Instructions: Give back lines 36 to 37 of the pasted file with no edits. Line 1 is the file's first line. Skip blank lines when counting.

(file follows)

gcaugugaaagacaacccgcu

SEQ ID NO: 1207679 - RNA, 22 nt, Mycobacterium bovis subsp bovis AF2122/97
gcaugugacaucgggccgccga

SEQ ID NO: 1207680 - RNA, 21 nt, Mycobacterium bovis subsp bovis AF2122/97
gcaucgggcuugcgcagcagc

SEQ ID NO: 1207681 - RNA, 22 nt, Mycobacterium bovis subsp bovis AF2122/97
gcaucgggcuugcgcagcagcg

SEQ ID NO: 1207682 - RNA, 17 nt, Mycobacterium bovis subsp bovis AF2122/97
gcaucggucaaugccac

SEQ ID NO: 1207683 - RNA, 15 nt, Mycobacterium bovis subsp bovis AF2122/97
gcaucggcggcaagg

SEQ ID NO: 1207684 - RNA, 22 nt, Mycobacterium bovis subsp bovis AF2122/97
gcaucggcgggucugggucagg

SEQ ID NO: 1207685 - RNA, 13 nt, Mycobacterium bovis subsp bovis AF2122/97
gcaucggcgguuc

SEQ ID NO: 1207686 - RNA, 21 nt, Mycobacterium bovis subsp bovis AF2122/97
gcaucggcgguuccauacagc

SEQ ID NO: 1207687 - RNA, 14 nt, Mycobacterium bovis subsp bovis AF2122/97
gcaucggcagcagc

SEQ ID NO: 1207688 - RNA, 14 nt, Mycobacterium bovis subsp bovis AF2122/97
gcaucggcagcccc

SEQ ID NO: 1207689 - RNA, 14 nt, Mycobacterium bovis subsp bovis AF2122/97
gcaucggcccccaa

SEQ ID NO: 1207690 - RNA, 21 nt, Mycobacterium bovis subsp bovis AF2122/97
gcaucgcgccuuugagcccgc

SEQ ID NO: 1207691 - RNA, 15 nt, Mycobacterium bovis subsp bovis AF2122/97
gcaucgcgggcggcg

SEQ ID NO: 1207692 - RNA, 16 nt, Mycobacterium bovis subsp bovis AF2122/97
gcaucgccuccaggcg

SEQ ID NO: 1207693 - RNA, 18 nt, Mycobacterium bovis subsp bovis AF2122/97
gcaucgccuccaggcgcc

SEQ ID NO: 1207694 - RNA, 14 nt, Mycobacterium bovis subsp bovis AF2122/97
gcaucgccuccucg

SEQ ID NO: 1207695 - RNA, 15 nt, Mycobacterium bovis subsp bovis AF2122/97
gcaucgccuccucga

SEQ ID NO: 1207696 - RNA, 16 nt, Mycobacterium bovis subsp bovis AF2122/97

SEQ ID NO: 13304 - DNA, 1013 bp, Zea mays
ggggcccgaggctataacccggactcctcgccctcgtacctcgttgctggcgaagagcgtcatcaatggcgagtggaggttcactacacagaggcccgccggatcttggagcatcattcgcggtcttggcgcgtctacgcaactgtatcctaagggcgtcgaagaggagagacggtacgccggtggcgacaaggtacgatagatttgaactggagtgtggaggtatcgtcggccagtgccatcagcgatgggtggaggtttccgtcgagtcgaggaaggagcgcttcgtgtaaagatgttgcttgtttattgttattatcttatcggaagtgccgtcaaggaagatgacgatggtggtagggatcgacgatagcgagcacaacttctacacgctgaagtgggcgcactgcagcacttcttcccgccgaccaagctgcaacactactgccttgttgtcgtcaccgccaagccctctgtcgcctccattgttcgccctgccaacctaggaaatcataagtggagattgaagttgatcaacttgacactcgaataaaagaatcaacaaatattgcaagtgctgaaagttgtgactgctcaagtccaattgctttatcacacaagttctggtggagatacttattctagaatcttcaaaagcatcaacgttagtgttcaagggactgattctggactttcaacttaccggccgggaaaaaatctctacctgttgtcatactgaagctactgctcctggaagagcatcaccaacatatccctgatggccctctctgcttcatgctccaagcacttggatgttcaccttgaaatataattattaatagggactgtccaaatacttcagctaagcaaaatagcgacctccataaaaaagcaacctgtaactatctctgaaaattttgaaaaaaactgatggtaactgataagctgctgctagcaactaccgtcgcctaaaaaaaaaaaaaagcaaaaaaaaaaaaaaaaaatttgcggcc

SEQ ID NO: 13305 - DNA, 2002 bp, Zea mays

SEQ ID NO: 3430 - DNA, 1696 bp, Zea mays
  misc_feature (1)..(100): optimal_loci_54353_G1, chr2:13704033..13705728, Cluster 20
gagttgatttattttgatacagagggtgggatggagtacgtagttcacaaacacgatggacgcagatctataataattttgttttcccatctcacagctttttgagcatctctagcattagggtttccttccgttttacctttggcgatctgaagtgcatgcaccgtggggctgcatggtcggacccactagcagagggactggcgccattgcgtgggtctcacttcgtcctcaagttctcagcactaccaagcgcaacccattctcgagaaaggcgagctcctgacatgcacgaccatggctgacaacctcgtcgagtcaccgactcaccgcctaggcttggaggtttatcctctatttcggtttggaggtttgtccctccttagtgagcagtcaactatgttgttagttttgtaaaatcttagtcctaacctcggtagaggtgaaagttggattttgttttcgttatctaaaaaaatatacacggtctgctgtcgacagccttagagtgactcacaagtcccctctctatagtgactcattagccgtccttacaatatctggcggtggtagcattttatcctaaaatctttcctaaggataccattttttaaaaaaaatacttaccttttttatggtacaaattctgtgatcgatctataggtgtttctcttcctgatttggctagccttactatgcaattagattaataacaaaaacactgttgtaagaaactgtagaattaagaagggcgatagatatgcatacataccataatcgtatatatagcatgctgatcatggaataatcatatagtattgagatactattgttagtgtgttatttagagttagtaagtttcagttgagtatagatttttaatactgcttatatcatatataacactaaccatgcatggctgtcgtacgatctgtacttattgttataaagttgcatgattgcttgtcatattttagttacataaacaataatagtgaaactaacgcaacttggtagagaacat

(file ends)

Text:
SEQ ID NO: 1207696 - RNA, 16 nt, Mycobacterium bovis subsp bovis AF2122/97

SEQ ID NO: 13304 - DNA, 1013 bp, Zea mays